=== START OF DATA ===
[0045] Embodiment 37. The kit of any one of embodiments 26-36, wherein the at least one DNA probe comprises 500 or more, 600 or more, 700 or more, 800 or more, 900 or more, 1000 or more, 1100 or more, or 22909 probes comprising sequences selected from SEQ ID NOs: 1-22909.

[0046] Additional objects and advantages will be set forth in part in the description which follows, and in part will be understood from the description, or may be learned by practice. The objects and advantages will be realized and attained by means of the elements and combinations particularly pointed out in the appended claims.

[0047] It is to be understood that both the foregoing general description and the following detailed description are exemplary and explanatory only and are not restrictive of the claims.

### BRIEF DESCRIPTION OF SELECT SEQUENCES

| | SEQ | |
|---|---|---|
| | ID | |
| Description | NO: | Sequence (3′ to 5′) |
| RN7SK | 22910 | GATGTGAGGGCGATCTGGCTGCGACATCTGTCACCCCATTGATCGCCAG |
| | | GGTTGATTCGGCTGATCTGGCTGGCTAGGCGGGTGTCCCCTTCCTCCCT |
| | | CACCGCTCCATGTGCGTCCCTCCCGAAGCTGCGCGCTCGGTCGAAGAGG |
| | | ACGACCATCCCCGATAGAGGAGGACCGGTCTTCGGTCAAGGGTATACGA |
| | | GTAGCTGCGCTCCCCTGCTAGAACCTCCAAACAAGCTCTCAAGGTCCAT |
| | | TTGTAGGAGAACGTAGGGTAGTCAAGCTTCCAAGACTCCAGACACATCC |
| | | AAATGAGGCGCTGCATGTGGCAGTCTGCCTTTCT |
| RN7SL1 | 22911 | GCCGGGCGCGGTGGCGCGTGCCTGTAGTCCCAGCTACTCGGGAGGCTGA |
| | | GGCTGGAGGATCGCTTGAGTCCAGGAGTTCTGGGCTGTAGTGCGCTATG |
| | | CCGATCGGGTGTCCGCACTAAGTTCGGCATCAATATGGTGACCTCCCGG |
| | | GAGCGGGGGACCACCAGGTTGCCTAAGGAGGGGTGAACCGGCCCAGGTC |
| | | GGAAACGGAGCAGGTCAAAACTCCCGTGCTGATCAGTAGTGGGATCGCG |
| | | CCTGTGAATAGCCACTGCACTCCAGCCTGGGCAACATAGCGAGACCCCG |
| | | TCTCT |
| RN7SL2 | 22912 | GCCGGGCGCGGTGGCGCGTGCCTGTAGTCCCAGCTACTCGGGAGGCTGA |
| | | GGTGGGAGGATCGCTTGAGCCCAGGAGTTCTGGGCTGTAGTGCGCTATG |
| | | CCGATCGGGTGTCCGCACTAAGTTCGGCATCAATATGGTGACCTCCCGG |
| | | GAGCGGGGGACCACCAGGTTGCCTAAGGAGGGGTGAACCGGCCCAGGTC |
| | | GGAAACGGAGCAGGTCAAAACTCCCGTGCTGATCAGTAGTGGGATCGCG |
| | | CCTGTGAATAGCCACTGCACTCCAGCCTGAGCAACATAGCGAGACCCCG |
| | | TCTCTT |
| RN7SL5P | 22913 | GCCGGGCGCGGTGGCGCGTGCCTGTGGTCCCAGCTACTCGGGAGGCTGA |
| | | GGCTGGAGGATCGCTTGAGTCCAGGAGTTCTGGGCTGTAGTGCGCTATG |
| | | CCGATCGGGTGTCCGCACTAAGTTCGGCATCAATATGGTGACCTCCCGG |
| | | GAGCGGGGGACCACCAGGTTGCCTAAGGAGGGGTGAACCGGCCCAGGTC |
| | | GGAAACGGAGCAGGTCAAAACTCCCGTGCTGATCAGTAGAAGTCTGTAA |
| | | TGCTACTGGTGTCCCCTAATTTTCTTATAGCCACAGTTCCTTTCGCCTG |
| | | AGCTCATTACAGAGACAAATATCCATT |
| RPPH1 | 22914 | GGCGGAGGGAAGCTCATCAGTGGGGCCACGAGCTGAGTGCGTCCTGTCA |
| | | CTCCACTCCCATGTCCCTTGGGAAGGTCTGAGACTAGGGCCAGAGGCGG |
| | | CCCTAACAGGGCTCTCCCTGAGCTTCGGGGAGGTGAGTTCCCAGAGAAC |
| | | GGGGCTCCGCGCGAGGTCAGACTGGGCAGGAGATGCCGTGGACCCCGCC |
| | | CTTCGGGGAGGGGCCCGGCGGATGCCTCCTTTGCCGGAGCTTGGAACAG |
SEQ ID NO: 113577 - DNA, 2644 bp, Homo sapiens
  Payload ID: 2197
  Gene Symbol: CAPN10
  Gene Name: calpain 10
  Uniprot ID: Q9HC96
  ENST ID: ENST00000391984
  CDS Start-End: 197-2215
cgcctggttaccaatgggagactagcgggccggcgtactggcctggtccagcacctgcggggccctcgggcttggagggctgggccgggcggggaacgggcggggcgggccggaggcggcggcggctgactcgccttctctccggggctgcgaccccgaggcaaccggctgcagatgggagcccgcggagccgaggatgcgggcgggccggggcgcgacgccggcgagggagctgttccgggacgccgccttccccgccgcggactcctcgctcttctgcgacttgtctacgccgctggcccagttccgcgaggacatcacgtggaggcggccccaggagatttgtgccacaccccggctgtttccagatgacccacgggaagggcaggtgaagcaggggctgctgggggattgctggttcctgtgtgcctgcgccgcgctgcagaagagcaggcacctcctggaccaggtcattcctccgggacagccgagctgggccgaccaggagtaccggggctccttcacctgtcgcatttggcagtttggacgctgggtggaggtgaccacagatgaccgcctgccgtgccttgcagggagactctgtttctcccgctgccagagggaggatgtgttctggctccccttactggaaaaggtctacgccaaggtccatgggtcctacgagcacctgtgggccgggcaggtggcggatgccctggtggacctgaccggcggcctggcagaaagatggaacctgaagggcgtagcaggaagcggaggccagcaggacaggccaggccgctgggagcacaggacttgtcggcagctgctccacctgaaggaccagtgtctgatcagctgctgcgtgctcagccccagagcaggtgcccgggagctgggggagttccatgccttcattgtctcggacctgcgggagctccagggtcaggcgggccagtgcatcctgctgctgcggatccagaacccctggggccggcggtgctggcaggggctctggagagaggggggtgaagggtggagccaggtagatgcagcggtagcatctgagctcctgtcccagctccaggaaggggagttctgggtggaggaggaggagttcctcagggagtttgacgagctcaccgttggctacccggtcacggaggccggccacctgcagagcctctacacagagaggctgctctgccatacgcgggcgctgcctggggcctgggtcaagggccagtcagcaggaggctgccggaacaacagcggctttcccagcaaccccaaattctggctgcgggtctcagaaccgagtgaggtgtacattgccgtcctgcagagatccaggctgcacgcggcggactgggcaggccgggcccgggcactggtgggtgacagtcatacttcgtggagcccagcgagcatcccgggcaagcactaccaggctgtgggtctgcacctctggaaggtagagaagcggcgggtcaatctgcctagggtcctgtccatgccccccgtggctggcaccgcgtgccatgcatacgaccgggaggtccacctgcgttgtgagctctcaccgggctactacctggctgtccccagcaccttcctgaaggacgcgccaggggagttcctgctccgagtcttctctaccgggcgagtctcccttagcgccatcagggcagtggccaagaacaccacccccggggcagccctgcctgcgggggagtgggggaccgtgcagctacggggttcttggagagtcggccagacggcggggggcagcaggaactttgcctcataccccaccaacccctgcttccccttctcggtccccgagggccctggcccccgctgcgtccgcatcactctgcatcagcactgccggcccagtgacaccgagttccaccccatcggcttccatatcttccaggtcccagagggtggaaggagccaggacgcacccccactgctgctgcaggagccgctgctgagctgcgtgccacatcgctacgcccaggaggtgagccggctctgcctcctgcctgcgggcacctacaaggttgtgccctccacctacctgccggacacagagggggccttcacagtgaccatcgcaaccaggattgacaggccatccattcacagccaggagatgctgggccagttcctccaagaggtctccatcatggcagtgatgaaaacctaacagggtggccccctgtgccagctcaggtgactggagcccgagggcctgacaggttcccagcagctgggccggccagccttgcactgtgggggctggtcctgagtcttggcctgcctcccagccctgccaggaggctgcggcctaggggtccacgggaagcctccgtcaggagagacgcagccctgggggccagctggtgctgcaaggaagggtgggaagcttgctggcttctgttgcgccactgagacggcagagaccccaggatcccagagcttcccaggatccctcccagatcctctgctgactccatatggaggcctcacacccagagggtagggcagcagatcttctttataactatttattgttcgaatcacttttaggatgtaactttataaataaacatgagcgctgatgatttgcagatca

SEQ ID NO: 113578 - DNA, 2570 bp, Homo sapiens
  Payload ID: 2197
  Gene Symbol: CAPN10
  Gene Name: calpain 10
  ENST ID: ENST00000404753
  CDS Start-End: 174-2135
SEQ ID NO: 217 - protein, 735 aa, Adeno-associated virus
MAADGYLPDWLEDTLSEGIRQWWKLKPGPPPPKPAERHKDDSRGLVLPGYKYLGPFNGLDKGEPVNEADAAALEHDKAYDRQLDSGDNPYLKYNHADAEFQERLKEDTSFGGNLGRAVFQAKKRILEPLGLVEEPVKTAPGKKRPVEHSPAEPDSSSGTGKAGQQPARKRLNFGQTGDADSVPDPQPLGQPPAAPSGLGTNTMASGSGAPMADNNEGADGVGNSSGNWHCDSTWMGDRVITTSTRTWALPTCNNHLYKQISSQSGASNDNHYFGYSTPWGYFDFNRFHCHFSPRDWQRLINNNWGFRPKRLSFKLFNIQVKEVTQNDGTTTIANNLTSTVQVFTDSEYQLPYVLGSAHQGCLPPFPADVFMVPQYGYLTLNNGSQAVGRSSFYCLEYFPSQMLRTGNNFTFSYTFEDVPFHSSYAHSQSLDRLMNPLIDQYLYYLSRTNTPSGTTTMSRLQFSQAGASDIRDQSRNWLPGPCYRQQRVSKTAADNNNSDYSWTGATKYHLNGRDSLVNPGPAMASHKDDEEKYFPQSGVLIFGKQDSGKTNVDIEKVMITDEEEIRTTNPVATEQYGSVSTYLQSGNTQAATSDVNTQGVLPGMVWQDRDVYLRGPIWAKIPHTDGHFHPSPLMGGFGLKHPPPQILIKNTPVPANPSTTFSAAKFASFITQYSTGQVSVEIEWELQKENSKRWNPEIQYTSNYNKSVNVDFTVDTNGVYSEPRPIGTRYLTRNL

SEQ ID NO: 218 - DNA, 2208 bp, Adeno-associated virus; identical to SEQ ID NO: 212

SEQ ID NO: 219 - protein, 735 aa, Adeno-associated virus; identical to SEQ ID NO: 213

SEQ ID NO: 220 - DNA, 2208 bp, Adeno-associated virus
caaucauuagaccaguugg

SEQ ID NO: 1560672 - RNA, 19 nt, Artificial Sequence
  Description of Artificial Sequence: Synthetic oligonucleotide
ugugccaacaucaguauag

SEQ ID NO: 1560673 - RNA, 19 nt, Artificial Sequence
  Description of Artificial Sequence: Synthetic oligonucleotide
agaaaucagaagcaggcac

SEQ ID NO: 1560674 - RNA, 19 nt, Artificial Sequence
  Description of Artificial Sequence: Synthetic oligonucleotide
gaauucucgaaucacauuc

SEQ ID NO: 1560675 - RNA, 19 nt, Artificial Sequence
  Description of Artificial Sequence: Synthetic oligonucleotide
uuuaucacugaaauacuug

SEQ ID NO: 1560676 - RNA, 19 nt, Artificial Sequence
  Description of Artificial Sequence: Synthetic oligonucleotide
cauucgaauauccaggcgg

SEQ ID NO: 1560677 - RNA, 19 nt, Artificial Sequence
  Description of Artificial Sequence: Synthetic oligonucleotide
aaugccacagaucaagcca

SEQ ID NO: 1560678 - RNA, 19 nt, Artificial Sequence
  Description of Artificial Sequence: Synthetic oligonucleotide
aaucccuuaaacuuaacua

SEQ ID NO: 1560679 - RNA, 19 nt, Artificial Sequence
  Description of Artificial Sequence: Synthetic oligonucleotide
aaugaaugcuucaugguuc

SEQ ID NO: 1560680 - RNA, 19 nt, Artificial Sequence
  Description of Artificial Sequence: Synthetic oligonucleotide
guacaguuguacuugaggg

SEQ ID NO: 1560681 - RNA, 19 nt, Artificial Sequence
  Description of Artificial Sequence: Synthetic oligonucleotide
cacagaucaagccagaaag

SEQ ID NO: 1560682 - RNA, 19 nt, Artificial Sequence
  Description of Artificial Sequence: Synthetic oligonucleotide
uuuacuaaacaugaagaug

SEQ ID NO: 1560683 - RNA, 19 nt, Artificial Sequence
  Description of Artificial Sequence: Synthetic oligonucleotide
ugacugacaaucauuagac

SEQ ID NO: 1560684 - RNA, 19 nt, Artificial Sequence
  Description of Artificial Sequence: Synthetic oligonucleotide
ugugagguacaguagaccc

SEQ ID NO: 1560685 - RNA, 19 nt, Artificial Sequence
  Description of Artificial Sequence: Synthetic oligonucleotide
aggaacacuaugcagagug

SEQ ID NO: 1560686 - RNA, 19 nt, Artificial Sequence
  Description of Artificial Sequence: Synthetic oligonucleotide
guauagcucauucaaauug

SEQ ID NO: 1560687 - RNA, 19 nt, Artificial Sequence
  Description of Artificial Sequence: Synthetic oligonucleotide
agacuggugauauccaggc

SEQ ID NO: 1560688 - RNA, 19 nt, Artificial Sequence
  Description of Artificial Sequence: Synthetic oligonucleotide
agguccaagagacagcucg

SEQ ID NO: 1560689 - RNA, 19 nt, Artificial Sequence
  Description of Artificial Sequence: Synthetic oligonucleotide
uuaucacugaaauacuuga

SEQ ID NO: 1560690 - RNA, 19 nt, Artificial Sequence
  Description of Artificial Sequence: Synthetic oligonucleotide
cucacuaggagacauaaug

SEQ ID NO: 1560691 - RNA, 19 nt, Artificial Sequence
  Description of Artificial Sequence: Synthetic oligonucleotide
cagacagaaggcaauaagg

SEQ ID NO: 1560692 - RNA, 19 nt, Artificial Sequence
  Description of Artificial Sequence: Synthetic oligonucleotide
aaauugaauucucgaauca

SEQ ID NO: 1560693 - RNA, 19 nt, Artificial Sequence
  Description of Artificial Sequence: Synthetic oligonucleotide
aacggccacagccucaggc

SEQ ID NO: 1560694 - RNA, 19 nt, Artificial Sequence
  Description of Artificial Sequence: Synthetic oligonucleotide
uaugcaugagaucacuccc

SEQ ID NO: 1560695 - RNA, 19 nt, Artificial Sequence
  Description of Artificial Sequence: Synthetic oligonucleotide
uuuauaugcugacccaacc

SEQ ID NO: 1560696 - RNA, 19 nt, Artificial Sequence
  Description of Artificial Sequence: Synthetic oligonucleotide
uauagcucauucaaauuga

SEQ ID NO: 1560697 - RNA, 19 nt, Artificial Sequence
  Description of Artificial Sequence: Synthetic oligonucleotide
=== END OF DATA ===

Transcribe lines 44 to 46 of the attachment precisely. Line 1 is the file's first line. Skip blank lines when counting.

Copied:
  Gene Symbol: CAPN10
  Gene Name: calpain 10
  Uniprot ID: Q9HC96